“Animal Precinct”, a reality show on Animal Planet channel, sheds the spotlight on the ASPCA police unit that specializes in rescuing animals victimized by cruelty in New York City. The show has given Americans new insight into animal abuse, raised money for the society and elevated the stature of their officers.
While there are many positive effects from the show, some animal welfare activists say it shows a level of enforcement that does not accurately depict what really happens on the streets.
The activists say that the ASPCA is struggling to respond to a growing number of cruelty complaints, driven in part by the popularity of the show. Cruelty complaints have risen 70 percent since 2000. Yet the budget for the societyâ€™s police force of 18 officers remains small, about 6 percent of the ASPCAâ€™s $58 million spending plan.
Some critics complain that the Humane Law Enforcement division is shortchanged. They say that this program is the heart of the mission but only receives a small part of the budget. They question why ASPCA spends more on marketing than the Humane Law Enforcement division.
The Communications Department, which handles advertising campaigns, operates the Web site and creates member publications, received $6.3 million in 2005, nearly twice as much as Humane Law Enforcement, according to the societyâ€™s tax return for that year, the latest available. The ASPCA said its 2006 return was not ready yet.
Even though the ASPCA police force unit has grown in the past several years, officials do acknowledge that they still don’t have the resources to put more than two officers on the night shift, answer the cruelty hot line after 6 p.m. or call back every person who reports a case of abuse in a city with 5 million animals.
â€œIf they are going to profit from the TV show, they should hire more officers,â€ said Gary Perkinson, a former A.S.P.C.A. manager and one of several people who say officers never responded to reports of abuse they had phoned in.
Officials for the A.S.P.C.A., a nonprofit group that does not receive government funding, call the criticism unfair, asserting that the â€œanimal copsâ€ have never been more effective, that the unitâ€™s budget has been increased and that arrests are up significantly over prior years.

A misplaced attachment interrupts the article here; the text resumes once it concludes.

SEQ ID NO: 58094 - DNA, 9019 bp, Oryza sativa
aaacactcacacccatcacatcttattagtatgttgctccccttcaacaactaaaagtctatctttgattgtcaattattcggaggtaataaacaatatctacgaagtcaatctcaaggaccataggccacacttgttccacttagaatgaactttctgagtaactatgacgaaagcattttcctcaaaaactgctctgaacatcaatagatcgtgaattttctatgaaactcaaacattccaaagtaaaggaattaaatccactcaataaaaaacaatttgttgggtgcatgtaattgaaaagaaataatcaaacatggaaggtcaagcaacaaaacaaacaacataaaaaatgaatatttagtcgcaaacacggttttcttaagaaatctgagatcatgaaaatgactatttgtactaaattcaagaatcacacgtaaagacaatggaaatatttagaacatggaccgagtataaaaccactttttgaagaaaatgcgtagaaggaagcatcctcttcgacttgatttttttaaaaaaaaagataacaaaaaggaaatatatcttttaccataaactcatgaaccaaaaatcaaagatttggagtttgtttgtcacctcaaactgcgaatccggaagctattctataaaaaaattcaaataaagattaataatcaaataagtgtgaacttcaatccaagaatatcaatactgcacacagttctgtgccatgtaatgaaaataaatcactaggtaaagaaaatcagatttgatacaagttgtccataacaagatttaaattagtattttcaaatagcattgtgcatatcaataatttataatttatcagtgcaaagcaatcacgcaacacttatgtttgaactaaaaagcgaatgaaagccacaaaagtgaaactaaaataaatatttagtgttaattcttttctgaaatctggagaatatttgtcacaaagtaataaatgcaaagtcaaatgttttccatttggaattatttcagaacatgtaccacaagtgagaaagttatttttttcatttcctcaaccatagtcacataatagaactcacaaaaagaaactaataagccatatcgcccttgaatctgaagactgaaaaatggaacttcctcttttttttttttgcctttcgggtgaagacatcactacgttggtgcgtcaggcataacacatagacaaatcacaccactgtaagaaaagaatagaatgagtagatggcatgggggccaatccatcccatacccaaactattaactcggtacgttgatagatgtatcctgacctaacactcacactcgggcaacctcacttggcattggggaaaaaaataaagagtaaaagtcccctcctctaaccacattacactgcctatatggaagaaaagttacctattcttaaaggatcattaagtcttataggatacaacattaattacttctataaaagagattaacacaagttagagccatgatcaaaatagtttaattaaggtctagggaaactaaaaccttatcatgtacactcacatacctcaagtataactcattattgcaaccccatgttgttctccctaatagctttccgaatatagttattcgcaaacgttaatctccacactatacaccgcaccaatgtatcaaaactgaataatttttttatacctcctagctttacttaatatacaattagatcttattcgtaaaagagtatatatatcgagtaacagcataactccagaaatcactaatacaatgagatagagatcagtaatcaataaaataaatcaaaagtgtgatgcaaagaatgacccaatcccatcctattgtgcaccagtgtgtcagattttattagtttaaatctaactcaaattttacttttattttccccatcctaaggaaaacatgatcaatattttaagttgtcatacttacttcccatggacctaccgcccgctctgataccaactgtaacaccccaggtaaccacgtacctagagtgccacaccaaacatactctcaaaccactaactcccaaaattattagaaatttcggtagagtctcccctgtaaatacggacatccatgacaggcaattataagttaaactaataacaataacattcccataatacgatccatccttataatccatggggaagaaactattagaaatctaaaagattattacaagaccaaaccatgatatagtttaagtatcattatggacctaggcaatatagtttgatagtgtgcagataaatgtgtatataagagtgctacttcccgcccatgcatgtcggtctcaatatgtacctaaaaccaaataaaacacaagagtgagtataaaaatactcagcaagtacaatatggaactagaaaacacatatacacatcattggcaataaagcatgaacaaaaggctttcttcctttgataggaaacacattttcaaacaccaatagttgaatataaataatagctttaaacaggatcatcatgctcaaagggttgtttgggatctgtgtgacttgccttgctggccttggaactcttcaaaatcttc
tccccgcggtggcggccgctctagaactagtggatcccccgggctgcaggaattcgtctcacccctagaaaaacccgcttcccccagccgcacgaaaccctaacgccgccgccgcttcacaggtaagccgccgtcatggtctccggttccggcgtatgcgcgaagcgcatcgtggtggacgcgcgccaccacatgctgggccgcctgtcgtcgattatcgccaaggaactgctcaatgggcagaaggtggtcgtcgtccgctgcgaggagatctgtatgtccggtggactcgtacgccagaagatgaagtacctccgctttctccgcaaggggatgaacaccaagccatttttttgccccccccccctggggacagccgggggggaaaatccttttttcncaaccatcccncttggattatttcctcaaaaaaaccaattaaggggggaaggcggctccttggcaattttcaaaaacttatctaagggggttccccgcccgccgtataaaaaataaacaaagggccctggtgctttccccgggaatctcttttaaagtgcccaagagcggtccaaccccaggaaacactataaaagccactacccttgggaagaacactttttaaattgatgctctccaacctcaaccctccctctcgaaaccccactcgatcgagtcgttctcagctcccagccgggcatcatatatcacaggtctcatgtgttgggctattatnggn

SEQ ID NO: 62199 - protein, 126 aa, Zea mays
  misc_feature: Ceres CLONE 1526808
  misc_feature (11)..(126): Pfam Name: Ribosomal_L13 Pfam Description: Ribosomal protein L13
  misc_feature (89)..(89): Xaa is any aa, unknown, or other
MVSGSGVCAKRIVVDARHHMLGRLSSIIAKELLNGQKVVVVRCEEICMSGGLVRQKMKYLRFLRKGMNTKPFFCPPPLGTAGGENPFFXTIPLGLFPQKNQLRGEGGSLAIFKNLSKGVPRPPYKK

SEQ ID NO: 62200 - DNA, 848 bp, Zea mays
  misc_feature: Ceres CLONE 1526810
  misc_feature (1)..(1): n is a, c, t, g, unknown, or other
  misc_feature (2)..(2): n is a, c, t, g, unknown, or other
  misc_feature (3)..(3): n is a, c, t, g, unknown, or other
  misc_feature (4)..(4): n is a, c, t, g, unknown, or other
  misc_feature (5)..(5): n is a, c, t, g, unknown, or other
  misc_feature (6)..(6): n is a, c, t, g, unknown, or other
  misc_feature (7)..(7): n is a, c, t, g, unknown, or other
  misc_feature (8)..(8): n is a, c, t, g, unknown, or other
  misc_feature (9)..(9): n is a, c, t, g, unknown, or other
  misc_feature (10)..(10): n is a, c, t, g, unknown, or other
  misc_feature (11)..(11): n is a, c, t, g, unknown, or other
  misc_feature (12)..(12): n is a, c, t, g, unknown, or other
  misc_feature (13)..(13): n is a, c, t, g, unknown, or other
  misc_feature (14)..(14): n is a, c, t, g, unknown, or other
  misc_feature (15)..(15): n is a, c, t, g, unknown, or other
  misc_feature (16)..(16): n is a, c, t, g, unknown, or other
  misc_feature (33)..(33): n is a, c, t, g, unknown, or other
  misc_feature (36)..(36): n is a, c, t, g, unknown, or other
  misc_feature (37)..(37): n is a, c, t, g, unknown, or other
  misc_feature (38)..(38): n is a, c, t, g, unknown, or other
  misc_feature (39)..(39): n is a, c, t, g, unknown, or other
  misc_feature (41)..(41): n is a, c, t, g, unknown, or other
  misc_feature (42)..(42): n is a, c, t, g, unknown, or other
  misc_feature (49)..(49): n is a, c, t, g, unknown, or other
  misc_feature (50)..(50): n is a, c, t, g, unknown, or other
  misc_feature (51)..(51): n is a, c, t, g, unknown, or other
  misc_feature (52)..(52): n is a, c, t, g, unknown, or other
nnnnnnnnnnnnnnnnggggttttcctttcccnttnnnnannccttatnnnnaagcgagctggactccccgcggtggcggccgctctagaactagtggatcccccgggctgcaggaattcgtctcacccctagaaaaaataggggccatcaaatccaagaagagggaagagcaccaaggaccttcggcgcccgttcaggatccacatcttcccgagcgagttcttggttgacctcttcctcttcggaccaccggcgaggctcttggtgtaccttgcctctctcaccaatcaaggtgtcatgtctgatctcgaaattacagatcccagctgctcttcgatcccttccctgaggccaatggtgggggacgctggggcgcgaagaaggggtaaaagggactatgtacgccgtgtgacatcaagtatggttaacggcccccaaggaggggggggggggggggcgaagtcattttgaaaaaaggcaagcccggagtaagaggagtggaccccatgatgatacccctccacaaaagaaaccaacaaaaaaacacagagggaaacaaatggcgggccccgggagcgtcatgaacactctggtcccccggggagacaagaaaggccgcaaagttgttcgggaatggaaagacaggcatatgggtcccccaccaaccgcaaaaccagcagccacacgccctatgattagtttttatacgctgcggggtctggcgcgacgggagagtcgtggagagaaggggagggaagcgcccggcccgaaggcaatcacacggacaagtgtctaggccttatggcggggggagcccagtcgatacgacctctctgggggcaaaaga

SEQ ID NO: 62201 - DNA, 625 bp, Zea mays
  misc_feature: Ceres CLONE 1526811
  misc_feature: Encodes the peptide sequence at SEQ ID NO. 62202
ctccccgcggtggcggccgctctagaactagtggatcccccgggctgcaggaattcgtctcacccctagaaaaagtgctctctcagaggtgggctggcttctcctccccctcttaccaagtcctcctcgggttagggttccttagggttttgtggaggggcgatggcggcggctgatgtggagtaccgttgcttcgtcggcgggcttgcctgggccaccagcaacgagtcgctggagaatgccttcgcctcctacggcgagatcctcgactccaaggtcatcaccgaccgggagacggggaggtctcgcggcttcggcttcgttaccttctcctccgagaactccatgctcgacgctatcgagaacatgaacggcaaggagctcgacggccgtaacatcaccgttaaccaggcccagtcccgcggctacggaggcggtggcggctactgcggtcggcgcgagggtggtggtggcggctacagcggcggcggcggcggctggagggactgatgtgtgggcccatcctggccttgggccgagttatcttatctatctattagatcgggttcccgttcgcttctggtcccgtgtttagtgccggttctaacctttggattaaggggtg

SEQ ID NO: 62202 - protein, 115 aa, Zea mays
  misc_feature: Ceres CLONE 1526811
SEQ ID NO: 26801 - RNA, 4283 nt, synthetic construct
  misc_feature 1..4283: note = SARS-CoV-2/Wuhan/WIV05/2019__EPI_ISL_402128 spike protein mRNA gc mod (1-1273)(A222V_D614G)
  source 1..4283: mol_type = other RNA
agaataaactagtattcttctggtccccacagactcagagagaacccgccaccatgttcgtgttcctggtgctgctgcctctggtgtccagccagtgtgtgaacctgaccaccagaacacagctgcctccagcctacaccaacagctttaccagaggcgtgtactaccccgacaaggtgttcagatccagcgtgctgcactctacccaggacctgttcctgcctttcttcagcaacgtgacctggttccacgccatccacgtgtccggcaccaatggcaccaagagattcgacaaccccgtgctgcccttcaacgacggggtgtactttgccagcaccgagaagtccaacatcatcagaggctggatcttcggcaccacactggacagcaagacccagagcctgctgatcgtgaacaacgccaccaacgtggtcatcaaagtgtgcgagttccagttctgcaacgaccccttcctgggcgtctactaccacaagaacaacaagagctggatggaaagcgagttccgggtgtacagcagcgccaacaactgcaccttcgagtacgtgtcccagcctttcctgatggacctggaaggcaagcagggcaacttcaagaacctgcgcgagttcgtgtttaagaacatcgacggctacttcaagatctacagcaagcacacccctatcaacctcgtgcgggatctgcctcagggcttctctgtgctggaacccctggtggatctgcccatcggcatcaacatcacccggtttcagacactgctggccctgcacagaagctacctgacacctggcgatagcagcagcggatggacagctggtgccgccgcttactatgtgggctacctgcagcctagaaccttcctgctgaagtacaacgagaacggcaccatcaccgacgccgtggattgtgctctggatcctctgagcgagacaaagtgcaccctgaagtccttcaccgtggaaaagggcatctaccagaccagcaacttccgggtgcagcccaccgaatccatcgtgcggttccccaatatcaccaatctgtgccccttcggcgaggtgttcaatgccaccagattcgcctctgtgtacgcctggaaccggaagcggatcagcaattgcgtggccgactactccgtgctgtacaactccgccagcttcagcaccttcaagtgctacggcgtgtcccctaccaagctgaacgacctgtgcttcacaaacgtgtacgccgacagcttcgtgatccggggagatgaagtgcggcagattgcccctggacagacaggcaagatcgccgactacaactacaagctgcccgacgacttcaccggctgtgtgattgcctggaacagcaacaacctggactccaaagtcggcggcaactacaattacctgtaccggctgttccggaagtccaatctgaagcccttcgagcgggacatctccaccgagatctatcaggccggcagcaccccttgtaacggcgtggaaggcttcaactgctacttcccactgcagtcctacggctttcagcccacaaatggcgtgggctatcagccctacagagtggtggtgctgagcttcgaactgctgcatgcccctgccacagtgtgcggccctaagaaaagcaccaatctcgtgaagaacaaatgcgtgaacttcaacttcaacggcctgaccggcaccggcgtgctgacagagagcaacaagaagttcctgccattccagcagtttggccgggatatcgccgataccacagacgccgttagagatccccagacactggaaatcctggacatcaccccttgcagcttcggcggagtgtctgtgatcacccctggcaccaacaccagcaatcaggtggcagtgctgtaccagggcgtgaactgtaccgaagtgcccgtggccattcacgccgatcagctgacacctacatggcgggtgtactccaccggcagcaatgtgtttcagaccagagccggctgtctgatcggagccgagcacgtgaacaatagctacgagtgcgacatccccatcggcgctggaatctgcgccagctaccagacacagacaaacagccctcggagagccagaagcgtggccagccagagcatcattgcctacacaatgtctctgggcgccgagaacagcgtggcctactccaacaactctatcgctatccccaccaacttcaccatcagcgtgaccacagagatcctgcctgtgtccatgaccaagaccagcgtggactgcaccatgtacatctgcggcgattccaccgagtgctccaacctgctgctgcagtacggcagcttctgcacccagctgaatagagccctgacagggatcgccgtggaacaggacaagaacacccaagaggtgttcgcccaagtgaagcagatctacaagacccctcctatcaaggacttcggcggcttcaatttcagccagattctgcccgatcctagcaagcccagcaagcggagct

From New York Times (registration required):
Given its name and its status as the nationâ€™s oldest animal welfare organization, the A.S.P.C.A. is often mistaken for a national umbrella organization. Actually, the 141-year-old group operates independently of all other S.P.C.A.â€™s across the country, although it does help many with grants and training and works to spread its message nationally with lobbying and education efforts.
Increasingly, since the cable series first aired in 2001, the face of the A.S.P.C.A. has been Ms. Lucas, the pretty, assertive animal welfare investigator. She is the host of fund-raising infomercials and has become one of the societyâ€™s highest paid employees, earning $141,000 a year, according to its last financial filing. That is more than the amount paid to her boss, Mr. Riedel, and to the veterinarian who is the director of medicine for the societyâ€™s animal hospital.
Beyond the klieg lights, though, critics say â€œAnimal Precinctâ€ resembles other reality shows that present overly positive views of police performance.
“You get the idea from the show that they are patrolling constantly,â€ said Amy K. Tanguay, a credit manager for a Manhattan law firm. But when she reported several cases of abuse to the unit, she said, no one pursued them.
It is difficult to compare animal police units because their responsibilities and jurisdictions vary. Some organizations, for example, collect stray animals, as the A.S.P.C.A. once did. But the society decided to focus on anticruelty efforts, and a city-sponsored nonprofit group took over the dog-catching function in 1995.
In Los Angeles, though, S.P.C.A. officers perform nearly identical duties, albeit on a much smaller scale, with 10 agents and an $860,000 budget. They make one arrest for about every eight cruelty investigations, versus one for every 40 in New York.
An A.S.P.C.A. spokeswoman questioned whether the comparison was fair because the two agencies are so different in size and have different jurisdictional boundaries.
Critics, however, say the A.S.P.C.A. needs to be more energetic.
Stephen Musso, the societyâ€™s chief of operations, said that the organization listened to its critics but was satisfied that it had set reasonable priorities.
â€œWe wish we were perfect,â€ he said. â€œWe canâ€™t be all things to all people.â€